Packers Release Top Cornerback Sam Shields

Sam Shields missed almost all of the 2016 season due to his latest concussion. The move creates an additional $9 million of cap space.

Sam Shields announced his release from the Green Bay Packers on Wednesday via Instagram. his Instagram account

The move was expected. Shields missed almost the entire season due to a concussion sustained in the Packers’ season-opening victory at Jacksonville. It was Shields’ fourth concussion in the NFL, including one late in the 2015 season that kept him out of the lineup for four games.

“#BusinessIsBusiness” Shields said in a series of hashtaged one-liners associated with his Instagram post, and this certainly was business. Shields was the Packers’ undisputed top cornerback and his absence led to the team’s season-long struggles against opposing quarterbacks. Nonetheless, Shields’ concussion history made his $8 million base salary for 2017 — his final season under contract — far too expensive.

Throw in $500,000 of roster bonuses and a $500,000 workout bonus, the release of Shields will create $9 million of salary-cap space. Shields’ cap charge was set to be $12.125 million. The final year of prorated signing bonus — $3.125 million — will count against the cap as dead money.

Paired with the release of running back James Starks on Tuesday, the Packers have created an additional $12 million in cap space this week. That gives the team almost $43 million of cap space, based on OverTheCap.com’s projection of a $168 million salary cap for 2017.

That seems like a lot of money — and it is — but it still ranks only 13th.

With that stash of money, Green Bay not only has to tend to its own free agents — a list headed by T.J. Lang, Jared Cook and Nick Perry and 2013 draft picks Datone Jones, Eddie Lacy, J.C. Tretter and Micah Hyde — but it has to build a roster. According to Over the Cap, the Packers have 47 players under contract. Only two teams have fewer.

Shields was a tremendous rags-to-riches story. An undrafted free agent in 2010, the former college receiver blossomed into a Pro Bowl cornerback. From 2010 through 2015 and including the playoffs, only Richard Sherman (28) had more interceptions than Shields (23) among active players. His five career playoff interceptions are the most in Packers history. However, Shields never could stay healthy. He never played all 16 games and missed 17 of a possible 96 regular-season games during his first six years. That number swelled to 32 after this year’s concussion.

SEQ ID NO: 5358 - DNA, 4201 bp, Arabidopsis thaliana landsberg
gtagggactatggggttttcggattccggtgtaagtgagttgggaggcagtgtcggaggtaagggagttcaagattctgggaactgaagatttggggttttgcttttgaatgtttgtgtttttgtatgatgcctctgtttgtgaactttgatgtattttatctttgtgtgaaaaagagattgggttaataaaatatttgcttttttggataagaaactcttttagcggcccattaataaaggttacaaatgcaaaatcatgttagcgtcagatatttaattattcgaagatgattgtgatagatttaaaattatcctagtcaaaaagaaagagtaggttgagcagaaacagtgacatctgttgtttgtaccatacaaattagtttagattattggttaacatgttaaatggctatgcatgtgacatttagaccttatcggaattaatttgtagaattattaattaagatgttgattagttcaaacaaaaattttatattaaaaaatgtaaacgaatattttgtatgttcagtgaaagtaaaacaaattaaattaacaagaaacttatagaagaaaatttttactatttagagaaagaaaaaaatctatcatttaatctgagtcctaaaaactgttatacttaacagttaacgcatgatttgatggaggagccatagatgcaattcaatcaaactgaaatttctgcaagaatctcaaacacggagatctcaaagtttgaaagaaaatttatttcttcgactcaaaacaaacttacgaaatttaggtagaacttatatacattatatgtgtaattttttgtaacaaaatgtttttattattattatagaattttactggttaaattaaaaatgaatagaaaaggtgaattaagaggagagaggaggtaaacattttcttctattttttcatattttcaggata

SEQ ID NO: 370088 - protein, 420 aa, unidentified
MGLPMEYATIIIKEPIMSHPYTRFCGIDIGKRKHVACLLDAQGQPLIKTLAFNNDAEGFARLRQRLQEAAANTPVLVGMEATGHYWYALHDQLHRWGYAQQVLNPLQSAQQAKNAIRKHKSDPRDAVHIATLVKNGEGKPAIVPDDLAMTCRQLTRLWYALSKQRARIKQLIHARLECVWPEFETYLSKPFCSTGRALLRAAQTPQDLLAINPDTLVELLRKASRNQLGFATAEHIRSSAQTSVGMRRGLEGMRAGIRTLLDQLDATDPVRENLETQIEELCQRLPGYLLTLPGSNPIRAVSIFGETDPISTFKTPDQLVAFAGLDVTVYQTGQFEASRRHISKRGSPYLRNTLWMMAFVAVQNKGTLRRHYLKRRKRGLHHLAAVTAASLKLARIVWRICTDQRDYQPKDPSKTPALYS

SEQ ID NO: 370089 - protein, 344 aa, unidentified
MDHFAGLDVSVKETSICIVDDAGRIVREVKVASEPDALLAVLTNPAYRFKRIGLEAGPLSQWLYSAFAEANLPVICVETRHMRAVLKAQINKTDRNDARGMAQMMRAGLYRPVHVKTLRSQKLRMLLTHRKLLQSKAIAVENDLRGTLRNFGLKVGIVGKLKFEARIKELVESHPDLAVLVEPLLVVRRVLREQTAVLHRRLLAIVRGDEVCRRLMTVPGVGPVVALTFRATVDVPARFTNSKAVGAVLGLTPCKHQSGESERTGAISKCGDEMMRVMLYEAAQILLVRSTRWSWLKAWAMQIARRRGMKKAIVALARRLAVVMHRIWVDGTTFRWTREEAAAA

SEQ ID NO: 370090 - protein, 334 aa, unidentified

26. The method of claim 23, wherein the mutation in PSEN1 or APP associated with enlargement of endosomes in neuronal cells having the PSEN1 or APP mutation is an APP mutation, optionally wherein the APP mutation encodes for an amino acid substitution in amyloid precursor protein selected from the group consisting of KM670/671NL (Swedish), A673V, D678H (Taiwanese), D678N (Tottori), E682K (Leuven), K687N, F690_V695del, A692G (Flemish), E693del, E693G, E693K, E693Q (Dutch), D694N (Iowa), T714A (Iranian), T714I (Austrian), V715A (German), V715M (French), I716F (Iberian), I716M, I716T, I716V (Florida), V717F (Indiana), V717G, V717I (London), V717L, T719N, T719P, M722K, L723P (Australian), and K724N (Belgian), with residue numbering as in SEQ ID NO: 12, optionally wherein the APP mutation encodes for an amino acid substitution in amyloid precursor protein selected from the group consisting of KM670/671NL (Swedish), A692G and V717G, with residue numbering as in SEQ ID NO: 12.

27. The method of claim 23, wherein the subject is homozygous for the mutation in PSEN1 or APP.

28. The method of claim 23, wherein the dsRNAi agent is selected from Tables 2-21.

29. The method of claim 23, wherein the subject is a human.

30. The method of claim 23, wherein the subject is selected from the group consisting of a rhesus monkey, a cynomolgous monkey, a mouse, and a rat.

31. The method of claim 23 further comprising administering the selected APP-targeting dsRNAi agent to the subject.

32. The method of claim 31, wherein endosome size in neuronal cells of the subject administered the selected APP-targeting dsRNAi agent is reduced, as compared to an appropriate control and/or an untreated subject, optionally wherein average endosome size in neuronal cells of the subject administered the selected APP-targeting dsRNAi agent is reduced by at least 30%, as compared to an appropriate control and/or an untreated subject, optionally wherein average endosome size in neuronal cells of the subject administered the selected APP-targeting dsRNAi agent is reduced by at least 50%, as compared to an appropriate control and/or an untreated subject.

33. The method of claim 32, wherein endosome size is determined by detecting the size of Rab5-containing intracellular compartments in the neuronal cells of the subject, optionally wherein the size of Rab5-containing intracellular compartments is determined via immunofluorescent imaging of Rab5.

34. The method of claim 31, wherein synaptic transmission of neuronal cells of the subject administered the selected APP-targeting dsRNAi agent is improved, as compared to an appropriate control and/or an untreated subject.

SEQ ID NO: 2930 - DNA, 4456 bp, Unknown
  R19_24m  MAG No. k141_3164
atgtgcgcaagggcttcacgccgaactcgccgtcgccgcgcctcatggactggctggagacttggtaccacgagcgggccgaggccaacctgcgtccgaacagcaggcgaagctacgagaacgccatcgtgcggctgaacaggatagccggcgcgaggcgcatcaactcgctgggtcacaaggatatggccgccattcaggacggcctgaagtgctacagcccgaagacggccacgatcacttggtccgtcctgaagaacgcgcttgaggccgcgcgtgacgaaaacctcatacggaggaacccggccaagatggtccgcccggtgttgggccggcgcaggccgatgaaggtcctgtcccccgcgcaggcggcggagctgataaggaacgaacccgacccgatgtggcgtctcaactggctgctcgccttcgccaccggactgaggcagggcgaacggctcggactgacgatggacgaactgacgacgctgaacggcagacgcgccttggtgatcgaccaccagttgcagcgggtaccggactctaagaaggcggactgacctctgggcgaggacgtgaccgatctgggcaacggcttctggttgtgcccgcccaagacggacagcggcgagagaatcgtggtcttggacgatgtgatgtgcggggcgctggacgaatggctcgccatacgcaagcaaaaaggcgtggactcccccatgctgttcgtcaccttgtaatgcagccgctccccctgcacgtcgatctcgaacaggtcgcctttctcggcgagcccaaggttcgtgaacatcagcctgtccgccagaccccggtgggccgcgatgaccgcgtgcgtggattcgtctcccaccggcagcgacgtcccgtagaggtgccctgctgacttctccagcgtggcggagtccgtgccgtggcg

Near the Packers’ locker room after the NFC Championship Game in Atlanta, Shields said he wanted to play but was still battling symptoms of the concussion.

“Some days it’s tough headaches, some days it’s mild,” Shields said. “It varies. I never know. I’m so used to it that it’s just normal. Each day it’s getting better. I’ll be back.”

A few days after the game, coach Mike McCarthy said Shields was still in the concussion protocol.

“Having a chance to visit with Sam in Atlanta briefly, he needs to get healthy for himself and his family, that’s the primary focus,” McCarthy said.

Why risk himself and the possibility of another head injury and the potential for lasting damage?

“I understand why you ask that,” Shields said. “I don’t know. I just love the game, man, and I feel that I can get back out there and play. If not, then not. But right now it’s just day by day.”

In January, Shields was charged in Brown County Circuit Court with possession of marijuana and drug paraphernalia. On Oct. 19, Brown County investigators went to Shields’ apartment in Ashwaubenon to investigate the suspected delivery of marijuana through the mail. Shields answered the door while smoking a blunt, according to the criminal complaint. More marijuana was found in the apartment, including in candy and muffins.

Bill Huber is publisher of PackerReport.com and has written for Packer Report since 1997. E-mail him at packwriter2002@yahoo.com or leave him a question in Packer Report’s subscribers-only Packers Pro Club forum. Find Bill on Twitter at www.twitter.com/PackerReport.


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